Generator sparked fire that destroyed a St. George home during last week’s nor’easter

Lauren Abbate | BDN
Lauren Abbate | BDN
Two fire trucks collided while responding to a fire in St. George on Thursday.
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A fire that ripped through a five-bay garage and home on Clark Island last week was sparked by a generator being used to power the property during widespread outages.
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ST. GEORGE, Maine — A fire that ripped through a five-bay garage and home on Clark Island last week was sparked by a generator being used to power the property during widespread outages.

St. George Fire Chief Michael Smith said the home, which is located across from the Craignair Inn on the waterfront, is a likely total loss. The homeowner and his dog were home when the fire broke out but were able to escape uninjured.

Several firefighters suffered injuries when two trucks collided while bringing water to fight the fire at the end of the windy and narrow Clark Island Road.

Smith said the fire destroyed the garage that was attached to the home. Multiple antique cars, as well as two motorcycles and other vehicles, were in the garage when the fire started. Smith said the contents of the garage were reduced to “little pieces of metal.”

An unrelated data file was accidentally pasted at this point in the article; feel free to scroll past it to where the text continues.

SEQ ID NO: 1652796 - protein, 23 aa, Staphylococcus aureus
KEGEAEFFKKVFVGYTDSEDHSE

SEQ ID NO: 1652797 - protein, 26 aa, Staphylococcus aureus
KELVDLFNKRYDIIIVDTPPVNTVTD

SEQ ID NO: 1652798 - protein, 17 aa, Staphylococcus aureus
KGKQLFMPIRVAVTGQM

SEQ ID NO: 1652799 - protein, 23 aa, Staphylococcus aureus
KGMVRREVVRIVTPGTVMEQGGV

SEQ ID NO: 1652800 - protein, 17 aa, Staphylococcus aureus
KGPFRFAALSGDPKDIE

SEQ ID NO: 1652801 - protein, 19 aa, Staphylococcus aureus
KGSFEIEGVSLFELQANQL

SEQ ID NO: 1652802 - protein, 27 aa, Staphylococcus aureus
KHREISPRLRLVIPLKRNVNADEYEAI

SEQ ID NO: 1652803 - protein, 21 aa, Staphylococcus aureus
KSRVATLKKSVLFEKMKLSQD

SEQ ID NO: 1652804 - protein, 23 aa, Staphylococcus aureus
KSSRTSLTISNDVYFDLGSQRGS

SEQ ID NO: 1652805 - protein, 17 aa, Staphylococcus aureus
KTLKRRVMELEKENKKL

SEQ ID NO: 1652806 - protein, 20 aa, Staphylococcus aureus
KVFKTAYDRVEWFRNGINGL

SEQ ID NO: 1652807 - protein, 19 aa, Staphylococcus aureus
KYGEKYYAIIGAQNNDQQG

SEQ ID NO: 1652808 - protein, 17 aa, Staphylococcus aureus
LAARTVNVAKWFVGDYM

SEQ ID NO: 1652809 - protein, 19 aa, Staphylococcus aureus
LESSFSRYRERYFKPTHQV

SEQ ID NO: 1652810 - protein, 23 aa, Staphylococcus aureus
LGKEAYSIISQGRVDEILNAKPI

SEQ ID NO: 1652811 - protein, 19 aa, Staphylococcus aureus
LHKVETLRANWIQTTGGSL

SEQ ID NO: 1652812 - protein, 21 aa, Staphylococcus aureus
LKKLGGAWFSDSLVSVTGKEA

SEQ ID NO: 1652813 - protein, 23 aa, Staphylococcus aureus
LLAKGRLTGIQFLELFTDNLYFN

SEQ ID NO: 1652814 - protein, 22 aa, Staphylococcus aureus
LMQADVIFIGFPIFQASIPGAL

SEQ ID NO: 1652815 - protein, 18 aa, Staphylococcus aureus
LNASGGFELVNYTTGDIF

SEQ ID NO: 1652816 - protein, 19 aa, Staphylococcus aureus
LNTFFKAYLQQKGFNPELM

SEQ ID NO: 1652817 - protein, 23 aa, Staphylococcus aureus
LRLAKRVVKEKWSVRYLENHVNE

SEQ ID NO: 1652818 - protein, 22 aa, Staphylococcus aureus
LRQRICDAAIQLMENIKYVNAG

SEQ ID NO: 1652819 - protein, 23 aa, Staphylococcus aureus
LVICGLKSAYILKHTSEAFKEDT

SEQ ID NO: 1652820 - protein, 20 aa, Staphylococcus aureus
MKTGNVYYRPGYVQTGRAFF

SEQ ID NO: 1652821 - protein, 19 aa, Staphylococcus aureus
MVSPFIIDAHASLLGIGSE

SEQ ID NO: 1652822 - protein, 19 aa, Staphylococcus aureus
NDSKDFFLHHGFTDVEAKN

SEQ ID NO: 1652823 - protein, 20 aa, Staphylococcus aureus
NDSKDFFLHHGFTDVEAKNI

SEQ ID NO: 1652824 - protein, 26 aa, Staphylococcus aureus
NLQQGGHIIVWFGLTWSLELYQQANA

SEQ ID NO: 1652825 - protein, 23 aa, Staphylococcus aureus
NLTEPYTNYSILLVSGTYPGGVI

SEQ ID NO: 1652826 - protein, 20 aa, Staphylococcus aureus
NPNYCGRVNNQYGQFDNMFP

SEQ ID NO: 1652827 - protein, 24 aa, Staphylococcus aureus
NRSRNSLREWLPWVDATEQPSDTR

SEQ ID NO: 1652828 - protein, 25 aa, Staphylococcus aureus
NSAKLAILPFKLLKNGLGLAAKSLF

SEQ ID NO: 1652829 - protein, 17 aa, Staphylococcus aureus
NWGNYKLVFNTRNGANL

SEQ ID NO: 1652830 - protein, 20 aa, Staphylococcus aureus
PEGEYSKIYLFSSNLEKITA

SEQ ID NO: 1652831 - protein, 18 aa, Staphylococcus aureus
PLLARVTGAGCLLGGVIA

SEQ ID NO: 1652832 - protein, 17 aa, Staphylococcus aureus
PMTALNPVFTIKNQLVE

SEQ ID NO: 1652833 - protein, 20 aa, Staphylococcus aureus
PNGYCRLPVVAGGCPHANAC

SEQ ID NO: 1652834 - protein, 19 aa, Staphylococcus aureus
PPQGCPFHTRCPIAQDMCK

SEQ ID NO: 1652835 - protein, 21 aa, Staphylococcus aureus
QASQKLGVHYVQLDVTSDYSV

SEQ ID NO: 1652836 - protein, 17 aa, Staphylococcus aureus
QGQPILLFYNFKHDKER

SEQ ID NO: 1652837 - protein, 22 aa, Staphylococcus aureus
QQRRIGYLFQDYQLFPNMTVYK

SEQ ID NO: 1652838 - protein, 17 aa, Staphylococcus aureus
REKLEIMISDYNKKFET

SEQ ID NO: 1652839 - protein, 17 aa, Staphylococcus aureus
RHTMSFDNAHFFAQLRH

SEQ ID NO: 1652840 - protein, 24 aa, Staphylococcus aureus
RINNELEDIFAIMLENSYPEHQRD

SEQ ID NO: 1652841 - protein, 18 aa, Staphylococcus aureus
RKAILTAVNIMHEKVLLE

The fire, which was reported shortly after noon Thursday, spread from the garage to the second floor of the home before gutting it.

As crews worked to restore power knocked out by a nor’easter with heavy winds, Smith said the house was still relying on a generator. More than 190,000 Mainers across the state lost power because of the storm.

The two fire trucks that crashed were from Owls Head and St. George.

The drivers of each truck, Keith Miller, 65, of St. George and Donald Pierce, 64, of Owls Head, were taken to a local hospital for minor injuries. The passenger in the Owls Head truck, Russell Hallock, 56, was flown to Maine Medical Center in Portland, according to Owls Head Fire Chief Frank Ross. He was released from the hospital Friday morning and is recovering from a back injury, according to Ross.

The Owls Head water tanker truck that went off the road and rolled onto its side is a “total loss,” according to Ross.

The truck can carry up to 3,000 gallons of water, according to Ross, and is valued between $300,000 to $450,000. This is the second Owls Head fire truck that has been put out of commission in recent months, after another truck’s transmission failed.

Ross said the town is trying to figure out the best route to purchase a new truck.

“It could have been a lot worse,” Ross said. “The trucks [that crashed] could have blocked the whole road, and Clark Island could have burned down.”

The St. George fire truck is currently at a garage and is being repaired, according to Smith.



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